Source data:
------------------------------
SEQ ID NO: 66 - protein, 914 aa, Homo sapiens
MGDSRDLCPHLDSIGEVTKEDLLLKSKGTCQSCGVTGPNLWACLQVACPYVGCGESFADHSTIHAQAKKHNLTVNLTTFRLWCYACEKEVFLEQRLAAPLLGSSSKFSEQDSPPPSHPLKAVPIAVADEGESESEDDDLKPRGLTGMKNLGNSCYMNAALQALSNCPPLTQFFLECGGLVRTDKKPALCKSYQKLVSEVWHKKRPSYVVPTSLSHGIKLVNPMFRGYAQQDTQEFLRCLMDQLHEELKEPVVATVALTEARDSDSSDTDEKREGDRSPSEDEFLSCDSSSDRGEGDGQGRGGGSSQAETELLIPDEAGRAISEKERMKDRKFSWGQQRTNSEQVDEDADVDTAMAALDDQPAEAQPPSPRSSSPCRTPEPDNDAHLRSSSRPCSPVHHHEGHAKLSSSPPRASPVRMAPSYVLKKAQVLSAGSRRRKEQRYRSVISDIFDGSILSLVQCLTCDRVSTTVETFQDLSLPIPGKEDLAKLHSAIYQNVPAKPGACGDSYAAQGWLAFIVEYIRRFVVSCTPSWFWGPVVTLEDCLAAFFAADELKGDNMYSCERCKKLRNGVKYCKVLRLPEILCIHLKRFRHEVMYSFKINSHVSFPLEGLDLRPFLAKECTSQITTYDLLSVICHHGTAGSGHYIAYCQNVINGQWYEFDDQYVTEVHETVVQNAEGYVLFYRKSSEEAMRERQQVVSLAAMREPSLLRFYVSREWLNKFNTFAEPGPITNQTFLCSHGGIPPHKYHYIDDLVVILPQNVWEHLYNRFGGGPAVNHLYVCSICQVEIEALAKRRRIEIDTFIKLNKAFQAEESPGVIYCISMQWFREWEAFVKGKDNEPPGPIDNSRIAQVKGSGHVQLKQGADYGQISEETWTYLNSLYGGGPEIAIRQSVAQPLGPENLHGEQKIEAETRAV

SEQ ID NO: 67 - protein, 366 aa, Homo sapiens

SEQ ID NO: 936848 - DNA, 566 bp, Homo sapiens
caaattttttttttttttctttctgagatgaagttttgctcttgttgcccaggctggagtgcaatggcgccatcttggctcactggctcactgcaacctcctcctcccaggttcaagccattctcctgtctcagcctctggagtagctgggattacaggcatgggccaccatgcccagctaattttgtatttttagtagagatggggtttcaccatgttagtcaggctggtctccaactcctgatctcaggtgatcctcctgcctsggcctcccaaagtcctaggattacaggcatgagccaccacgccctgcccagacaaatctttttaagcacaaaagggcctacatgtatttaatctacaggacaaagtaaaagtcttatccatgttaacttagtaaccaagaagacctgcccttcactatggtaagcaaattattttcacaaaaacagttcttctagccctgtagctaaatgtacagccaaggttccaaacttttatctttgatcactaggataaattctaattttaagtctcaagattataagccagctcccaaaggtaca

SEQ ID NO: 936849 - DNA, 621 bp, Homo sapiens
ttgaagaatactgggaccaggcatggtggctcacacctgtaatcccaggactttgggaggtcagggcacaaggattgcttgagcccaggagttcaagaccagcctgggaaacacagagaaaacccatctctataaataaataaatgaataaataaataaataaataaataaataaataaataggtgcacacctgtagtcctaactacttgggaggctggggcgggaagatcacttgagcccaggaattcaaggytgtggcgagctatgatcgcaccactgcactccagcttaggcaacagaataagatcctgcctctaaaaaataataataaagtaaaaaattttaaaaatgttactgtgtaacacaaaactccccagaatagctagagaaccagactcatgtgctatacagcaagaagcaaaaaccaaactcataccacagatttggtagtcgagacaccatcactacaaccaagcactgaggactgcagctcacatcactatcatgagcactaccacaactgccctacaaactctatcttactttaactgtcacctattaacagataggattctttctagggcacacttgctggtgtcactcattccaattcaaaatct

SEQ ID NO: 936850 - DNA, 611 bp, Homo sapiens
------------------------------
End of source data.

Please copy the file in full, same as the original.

SEQ ID NO: 66 - protein, 914 aa, Homo sapiens
MGDSRDLCPHLDSIGEVTKEDLLLKSKGTCQSCGVTGPNLWACLQVACPYVGCGESFADHSTIHAQAKKHNLTVNLTTFRLWCYACEKEVFLEQRLAAPLLGSSSKFSEQDSPPPSHPLKAVPIAVADEGESESEDDDLKPRGLTGMKNLGNSCYMNAALQALSNCPPLTQFFLECGGLVRTDKKPALCKSYQKLVSEVWHKKRPSYVVPTSLSHGIKLVNPMFRGYAQQDTQEFLRCLMDQLHEELKEPVVATVALTEARDSDSSDTDEKREGDRSPSEDEFLSCDSSSDRGEGDGQGRGGGSSQAETELLIPDEAGRAISEKERMKDRKFSWGQQRTNSEQVDEDADVDTAMAALDDQPAEAQPPSPRSSSPCRTPEPDNDAHLRSSSRPCSPVHHHEGHAKLSSSPPRASPVRMAPSYVLKKAQVLSAGSRRRKEQRYRSVISDIFDGSILSLVQCLTCDRVSTTVETFQDLSLPIPGKEDLAKLHSAIYQNVPAKPGACGDSYAAQGWLAFIVEYIRRFVVSCTPSWFWGPVVTLEDCLAAFFAADELKGDNMYSCERCKKLRNGVKYCKVLRLPEILCIHLKRFRHEVMYSFKINSHVSFPLEGLDLRPFLAKECTSQITTYDLLSVICHHGTAGSGHYIAYCQNVINGQWYEFDDQYVTEVHETVVQNAEGYVLFYRKSSEEAMRERQQVVSLAAMREPSLLRFYVSREWLNKFNTFAEPGPITNQTFLCSHGGIPPHKYHYIDDLVVILPQNVWEHLYNRFGGGPAVNHLYVCSICQVEIEALAKRRRIEIDTFIKLNKAFQAEESPGVIYCISMQWFREWEAFVKGKDNEPPGPIDNSRIAQVKGSGHVQLKQGADYGQISEETWTYLNSLYGGGPEIAIRQSVAQPLGPENLHGEQKIEAETRAV

SEQ ID NO: 67 - protein, 366 aa, Homo sapiens

SEQ ID NO: 936848 - DNA, 566 bp, Homo sapiens
caaattttttttttttttctttctgagatgaagttttgctcttgttgcccaggctggagtgcaatggcgccatcttggctcactggctcactgcaacctcctcctcccaggttcaagccattctcctgtctcagcctctggagtagctgggattacaggcatgggccaccatgcccagctaattttgtatttttagtagagatggggtttcaccatgttagtcaggctggtctccaactcctgatctcaggtgatcctcctgcctsggcctcccaaagtcctaggattacaggcatgagccaccacgccctgcccagacaaatctttttaagcacaaaagggcctacatgtatttaatctacaggacaaagtaaaagtcttatccatgttaacttagtaaccaagaagacctgcccttcactatggtaagcaaattattttcacaaaaacagttcttctagccctgtagctaaatgtacagccaaggttccaaacttttatctttgatcactaggataaattctaattttaagtctcaagattataagccagctcccaaaggtaca

SEQ ID NO: 936849 - DNA, 621 bp, Homo sapiens
ttgaagaatactgggaccaggcatggtggctcacacctgtaatcccaggactttgggaggtcagggcacaaggattgcttgagcccaggagttcaagaccagcctgggaaacacagagaaaacccatctctataaataaataaatgaataaataaataaataaataaataaataaataaataggtgcacacctgtagtcctaactacttgggaggctggggcgggaagatcacttgagcccaggaattcaaggytgtggcgagctatgatcgcaccactgcactccagcttaggcaacagaataagatcctgcctctaaaaaataataataaagtaaaaaattttaaaaatgttactgtgtaacacaaaactccccagaatagctagagaaccagactcatgtgctatacagcaagaagcaaaaaccaaactcataccacagatttggtagtcgagacaccatcactacaaccaagcactgaggactgcagctcacatcactatcatgagcactaccacaactgccctacaaactctatcttactttaactgtcacctattaacagataggattctttctagggcacacttgctggtgtcactcattccaattcaaaatct

SEQ ID NO: 936850 - DNA, 611 bp, Homo sapiens